Antinomianism, crassly stated, is the idea that a person can be a Christian without doing good works. It is a separation of good works from true Christian profession. Sometimes called “easy believism,” the idea of antinomianism is common in some Christian circles today.
I have treated the necessity of good works in the life of a Christian in a post called “Faith + Works” on this blog. In that post, I discussed John H. Gerstner’ s approach to antinomianism. Gerstner teaches that people must necessarily do good works if they are Christians. Those works do not earn them salvation, but they must be present in Christian’s lives.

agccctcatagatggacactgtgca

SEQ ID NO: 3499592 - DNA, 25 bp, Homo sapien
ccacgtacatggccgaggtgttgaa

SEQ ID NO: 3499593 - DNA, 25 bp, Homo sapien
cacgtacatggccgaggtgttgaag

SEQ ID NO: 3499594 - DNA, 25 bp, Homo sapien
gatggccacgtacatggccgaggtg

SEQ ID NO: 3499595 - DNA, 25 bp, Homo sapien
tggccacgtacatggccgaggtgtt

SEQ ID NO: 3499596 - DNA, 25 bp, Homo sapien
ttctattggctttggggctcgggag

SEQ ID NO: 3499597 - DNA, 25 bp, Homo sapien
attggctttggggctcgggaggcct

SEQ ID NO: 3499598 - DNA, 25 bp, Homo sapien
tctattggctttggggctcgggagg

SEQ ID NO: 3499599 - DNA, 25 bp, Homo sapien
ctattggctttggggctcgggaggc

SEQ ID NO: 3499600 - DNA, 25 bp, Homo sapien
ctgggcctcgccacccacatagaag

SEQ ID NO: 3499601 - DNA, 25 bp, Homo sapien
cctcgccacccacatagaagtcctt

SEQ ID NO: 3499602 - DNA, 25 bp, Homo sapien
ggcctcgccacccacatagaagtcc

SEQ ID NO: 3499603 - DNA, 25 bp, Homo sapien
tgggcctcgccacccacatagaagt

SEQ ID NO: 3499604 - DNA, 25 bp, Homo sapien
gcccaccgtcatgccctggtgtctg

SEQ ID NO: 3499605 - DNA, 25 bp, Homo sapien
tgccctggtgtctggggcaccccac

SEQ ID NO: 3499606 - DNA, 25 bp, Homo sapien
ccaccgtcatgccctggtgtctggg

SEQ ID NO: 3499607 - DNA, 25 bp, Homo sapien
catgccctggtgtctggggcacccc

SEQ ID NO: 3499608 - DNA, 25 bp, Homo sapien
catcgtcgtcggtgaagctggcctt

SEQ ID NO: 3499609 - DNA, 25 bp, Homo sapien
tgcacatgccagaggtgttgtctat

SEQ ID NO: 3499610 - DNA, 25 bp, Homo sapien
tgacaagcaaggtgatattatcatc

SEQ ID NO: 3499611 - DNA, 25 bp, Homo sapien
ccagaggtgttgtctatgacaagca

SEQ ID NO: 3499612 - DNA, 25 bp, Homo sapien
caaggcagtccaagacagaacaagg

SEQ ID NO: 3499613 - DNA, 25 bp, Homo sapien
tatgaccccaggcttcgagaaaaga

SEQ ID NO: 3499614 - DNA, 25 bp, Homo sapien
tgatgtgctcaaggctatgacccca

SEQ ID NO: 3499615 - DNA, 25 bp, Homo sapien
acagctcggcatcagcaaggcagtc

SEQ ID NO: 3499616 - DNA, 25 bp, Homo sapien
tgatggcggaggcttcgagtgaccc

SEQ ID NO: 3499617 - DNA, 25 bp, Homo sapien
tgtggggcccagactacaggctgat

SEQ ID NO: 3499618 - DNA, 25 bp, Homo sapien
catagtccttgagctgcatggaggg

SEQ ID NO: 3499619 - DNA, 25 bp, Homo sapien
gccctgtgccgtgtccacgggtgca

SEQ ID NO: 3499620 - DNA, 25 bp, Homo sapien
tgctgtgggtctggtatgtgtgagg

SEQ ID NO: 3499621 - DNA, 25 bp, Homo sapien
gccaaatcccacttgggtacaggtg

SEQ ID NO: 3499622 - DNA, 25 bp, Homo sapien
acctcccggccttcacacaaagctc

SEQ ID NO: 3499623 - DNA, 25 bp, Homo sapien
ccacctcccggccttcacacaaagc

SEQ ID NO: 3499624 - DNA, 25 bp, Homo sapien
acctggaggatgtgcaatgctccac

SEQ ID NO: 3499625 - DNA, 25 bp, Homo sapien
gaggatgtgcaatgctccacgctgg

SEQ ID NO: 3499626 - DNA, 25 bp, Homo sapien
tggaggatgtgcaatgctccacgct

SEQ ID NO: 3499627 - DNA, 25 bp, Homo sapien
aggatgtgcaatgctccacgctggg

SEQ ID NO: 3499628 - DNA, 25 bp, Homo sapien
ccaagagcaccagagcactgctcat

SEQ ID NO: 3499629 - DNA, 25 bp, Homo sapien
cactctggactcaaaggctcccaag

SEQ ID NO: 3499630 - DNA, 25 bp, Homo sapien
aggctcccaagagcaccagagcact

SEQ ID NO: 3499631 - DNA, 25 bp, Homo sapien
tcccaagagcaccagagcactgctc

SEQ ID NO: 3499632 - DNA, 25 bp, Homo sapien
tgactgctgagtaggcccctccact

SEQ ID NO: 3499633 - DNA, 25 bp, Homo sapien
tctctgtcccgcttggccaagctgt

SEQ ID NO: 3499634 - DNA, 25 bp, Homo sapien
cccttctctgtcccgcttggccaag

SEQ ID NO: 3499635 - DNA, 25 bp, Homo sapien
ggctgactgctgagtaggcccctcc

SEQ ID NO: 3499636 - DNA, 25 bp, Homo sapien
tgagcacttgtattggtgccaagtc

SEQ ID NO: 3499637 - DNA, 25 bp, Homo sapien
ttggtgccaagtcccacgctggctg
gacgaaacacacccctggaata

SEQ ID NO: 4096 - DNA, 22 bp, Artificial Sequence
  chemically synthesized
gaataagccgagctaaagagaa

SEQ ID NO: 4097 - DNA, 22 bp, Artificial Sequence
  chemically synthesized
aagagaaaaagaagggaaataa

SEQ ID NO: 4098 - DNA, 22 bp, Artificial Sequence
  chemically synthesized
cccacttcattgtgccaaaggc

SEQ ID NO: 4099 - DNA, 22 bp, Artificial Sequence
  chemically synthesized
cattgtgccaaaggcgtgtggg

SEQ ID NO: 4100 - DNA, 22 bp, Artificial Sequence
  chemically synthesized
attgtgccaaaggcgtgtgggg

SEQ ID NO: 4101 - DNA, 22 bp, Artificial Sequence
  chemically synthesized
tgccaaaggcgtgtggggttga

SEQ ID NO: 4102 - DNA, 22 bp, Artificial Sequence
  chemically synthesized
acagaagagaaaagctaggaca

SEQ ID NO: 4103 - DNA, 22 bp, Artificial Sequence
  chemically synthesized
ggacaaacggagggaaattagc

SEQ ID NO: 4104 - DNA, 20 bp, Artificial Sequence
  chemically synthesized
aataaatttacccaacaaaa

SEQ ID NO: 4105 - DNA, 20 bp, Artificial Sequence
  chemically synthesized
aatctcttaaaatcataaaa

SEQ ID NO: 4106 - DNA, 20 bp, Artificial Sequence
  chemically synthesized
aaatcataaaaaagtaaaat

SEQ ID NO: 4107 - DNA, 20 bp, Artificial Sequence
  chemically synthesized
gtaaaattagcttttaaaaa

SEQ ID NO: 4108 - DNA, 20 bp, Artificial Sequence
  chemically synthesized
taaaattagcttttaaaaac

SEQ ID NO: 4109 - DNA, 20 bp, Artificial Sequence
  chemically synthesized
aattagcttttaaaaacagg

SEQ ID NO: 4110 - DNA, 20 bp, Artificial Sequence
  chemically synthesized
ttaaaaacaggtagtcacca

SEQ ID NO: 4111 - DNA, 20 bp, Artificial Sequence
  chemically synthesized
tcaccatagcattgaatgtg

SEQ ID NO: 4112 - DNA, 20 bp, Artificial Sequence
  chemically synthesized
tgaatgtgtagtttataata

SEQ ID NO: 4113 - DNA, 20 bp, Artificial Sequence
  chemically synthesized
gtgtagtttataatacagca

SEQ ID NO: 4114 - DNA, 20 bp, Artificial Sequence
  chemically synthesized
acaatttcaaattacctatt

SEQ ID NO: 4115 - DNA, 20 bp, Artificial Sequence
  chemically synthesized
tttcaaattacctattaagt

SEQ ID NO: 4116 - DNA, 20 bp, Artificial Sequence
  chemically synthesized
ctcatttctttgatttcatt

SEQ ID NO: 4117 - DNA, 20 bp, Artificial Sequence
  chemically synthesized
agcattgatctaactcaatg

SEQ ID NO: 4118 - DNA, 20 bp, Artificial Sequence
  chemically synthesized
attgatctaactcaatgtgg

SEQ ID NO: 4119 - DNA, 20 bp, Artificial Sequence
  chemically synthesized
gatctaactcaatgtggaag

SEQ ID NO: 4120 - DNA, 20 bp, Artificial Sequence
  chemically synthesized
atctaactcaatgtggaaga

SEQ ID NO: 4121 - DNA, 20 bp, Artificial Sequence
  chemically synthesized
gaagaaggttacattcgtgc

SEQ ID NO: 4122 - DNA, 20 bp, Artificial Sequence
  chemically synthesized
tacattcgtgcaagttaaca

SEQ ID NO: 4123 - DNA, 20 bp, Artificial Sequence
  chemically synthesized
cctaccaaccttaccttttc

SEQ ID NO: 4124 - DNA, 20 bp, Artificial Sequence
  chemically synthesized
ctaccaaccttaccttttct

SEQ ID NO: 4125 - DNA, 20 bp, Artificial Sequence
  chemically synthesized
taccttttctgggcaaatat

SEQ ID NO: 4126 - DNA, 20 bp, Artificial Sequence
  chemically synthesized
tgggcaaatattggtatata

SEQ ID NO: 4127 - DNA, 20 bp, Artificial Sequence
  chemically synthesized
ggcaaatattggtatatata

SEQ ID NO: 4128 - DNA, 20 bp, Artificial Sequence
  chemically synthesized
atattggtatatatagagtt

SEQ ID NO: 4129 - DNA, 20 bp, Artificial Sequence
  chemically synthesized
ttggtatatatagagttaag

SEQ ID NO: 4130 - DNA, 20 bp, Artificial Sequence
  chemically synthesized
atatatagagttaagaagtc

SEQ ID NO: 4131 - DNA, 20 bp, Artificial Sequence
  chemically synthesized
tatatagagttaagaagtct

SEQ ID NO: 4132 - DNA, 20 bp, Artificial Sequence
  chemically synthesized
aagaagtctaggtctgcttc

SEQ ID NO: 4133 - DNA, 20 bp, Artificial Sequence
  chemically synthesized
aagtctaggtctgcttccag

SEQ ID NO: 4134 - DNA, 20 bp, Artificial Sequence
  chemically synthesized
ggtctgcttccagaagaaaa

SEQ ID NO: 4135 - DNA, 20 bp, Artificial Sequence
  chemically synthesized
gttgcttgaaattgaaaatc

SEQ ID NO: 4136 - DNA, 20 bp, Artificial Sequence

Martin Luther, the great protestant reformer, first used the term “antinomian.” Luther wrote, “Anyone who does not do good works in this manner is an unbeliever…Thus, it is just as impossible to separate faith and works as it is to separate heat and light from fire!” (“Holiness Wars: Antinomianism in Church History,” Mar.21, 2012 by Michael Horton)
Will Christians be perfect? Of course they will not (Romans 7:7-25). All Christians sin, and there is no sin that a Christian cannot commit. But no true Christian makes a habit of sin without repentance.